Eyes are on two big economic events this week, with the South African Reserve Bank’s Monetary Policy Committee (MPC) set to meet over rates, followed by a review from rating agency Moody’s on Friday.
The MPC will meet on 26 to 28 March, with expectations that repo and prime lending rates will be held at 6.75% and 10.25%, respectively.
According to Intellidex analyst Peter Attard Montalto, while the view is that rates will be kept stable, the MPC could be moving back into a more hawkish view of the economy, following a more neutral stance in January.
Eskom remains a risk that needs to be factored in, as is the slowing economy and rising prices – particularly electricity and fuel hikes coming in April.
Intellidex sees rates being held, with a hike likelier at the end of the year, after a negative Medium-Term Budget Policy Statement.
According to economist John Ashbourne, while inflation rates have been well below the middle point of the Reserve Bank’s target range (4.5%), electricity and fuel hikes coming in April will put this under pressure.
However, while most economists have a rate hike pencilled in for the end of the year or the start of 202, Ashbourne expects a rate cut, spurred on by tepid growth and low inflation.
Intellidex only sees a cut happening under very specific circumstances, like if the longer-term inflation remains at the lower end of the range, or if the risks attached to a ratings downgrade is somehow shifted to the risk of hikes.
“It’s clear we are not in this situation,” Attard Montalto said.
Ratings group Moody’s is expected to deliver its review of South Africa’s sovereign on Friday, 29 March.
It is currently the only major ratings agency that has South Africa at ‘investment grade’ – one notch above junk – with a stable outlook.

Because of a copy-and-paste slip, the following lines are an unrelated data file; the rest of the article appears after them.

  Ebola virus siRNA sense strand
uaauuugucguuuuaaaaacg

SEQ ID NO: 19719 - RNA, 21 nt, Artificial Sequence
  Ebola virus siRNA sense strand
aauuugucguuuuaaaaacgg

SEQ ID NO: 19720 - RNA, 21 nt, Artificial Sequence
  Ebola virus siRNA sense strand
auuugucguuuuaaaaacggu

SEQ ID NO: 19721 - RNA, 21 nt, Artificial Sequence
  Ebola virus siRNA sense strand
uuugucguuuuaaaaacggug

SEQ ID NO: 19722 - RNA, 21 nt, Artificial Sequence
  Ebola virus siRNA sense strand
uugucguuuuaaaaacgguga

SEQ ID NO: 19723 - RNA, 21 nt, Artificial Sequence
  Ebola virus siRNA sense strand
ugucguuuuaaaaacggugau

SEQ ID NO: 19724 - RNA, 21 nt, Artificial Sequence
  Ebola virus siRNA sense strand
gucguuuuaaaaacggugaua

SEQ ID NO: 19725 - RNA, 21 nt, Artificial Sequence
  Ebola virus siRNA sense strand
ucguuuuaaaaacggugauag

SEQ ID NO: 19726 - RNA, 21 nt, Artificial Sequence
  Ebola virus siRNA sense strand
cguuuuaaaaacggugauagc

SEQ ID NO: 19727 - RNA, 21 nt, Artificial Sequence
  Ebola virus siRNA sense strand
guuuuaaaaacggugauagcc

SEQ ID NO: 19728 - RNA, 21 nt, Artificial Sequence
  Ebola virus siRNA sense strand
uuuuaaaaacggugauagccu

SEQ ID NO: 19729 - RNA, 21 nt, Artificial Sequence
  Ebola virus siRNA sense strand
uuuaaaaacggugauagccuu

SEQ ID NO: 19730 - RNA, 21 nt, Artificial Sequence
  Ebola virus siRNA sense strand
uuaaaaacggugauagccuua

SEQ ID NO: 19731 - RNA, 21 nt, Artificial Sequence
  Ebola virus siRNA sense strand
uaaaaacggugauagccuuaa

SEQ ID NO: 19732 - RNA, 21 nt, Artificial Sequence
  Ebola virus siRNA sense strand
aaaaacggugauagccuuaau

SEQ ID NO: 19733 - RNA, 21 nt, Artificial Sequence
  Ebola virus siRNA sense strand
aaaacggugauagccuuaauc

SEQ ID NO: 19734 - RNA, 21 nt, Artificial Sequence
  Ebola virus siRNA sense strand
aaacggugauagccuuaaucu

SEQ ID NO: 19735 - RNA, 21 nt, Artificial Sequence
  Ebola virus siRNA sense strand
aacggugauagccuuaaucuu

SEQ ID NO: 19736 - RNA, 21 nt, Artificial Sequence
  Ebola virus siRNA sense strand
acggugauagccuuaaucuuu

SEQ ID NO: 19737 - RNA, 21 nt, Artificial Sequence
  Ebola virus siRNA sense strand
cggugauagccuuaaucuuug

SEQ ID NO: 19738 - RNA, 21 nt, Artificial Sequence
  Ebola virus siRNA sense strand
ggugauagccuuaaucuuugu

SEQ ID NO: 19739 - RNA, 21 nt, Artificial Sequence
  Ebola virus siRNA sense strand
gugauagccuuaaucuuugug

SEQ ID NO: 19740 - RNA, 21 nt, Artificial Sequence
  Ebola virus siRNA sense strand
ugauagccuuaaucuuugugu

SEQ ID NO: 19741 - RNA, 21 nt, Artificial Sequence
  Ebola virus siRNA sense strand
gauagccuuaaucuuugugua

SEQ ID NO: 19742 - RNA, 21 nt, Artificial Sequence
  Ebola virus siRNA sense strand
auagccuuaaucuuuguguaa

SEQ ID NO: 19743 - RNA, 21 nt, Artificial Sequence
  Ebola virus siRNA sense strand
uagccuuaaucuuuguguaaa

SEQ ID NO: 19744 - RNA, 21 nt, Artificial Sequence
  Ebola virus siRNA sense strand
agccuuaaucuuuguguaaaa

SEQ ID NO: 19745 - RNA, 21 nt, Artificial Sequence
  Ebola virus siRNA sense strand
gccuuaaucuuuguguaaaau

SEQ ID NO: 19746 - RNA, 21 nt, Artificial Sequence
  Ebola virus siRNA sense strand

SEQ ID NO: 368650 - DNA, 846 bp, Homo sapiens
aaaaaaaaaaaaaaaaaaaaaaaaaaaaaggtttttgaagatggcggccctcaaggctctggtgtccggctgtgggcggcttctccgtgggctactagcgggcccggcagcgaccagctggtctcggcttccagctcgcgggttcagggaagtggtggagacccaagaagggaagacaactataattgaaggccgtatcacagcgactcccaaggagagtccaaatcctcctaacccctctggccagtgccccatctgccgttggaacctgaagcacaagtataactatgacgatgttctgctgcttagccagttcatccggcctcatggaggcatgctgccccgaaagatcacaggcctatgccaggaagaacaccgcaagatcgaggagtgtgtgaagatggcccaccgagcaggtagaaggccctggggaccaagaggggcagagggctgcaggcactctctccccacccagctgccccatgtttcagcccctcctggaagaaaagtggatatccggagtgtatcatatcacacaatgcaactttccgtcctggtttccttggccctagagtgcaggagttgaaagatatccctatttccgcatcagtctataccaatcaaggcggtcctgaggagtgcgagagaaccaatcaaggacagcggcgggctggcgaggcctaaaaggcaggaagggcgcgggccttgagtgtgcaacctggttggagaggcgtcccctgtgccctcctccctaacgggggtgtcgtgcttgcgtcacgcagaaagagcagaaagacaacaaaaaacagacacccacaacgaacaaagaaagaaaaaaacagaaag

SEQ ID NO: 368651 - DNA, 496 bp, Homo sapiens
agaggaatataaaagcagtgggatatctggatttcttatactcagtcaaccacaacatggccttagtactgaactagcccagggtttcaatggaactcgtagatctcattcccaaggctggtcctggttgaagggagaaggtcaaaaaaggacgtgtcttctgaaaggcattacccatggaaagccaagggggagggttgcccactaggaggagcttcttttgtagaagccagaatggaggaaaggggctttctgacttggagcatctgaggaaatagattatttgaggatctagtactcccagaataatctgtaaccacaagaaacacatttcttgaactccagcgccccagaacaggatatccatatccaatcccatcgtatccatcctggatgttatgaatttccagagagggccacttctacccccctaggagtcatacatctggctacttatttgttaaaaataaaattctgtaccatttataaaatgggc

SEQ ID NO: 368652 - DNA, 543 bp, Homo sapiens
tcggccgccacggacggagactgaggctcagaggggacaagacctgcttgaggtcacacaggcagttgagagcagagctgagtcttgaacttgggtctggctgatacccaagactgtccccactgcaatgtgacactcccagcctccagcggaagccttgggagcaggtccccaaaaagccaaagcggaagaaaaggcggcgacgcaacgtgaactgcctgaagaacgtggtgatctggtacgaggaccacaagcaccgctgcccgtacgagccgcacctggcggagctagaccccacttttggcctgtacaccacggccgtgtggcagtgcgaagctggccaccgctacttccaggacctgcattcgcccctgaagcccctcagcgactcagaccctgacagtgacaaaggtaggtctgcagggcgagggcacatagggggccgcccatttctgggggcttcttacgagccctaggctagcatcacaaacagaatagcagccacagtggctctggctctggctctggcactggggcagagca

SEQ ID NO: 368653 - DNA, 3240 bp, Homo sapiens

S&P and Fitch both downgraded SA to junk status in 2018, in response to the surprise cabinet reshuffle and an unfavourable mid-term budget in October 2017.
Economists have characterised Moody’s resistance to downgrade South Africa as an act of kindness, and is often said to give the country the “extreme benefit of the doubt”, when all economic markers point to a sovereign that should be in sub-investment grade.
Chief economist at Efficent Group, Dawie Roodt said that the ongoing power crisis and lack of clear plan on Eskom could very well push the ratings firm to reverse this position.
“I know at the moment that they have a neutral outlook, but that doesn’t mean that they cannot downgrade us,” he said. “Moody’s could give a negative outlook, but I think chances are we will see a downgrade.”
PwC economist, Lullu Krugel, agrees with this position, naming Eskom as the biggest risk to the economy, and saying that the reality of the power crisis could lead to a downgrade.
Intellidex said that, while a rating cut to junk is possible, it is unlikely. At most, the group expects that Moody’s will cut South Africa’s rating outlook to negative – but there is a chance that there may be no decision at all.
Because of the way Moody’s operates, it may not deliver a rating decision at all, and may just publish a research report, Intellidex said.
“Such a move would be a huge disappointment to the market,” it said.
According to Attard Montalto, Moody’s has remained unjustifiably optimistic about South Africa for too long, and appears to be taking whatever the government says and promises at face value.
“We believe Moody’s is still anchored with an unjustified optimism about long term growth that comes, in part, from the way they take long term growth expectations to be an average of the past 4 years and the next three short run forecast.
“This average is slowly falling over time but not significantly enough to force a major shift in their quantitative scorecard at this time in our view – and so not onwards into fiscal and debt views,” he said.
“Overall however we think there is still an excess of trust at Moody’s in taking what government presents to them at face value without critical appraisal.”
The analyst said there may also be a sense of risk aversion attached, where the ratings firm doesn’t want to be responsible for compounding problems in South Africa, as well as balancing the country’s position with its ratings of other nations like Morocco and Indonesia.
If Moody’s downgrades South Africa to full junk status, the country will be booted from the World Government Bond Index, and will force investors to pull their money out of the country.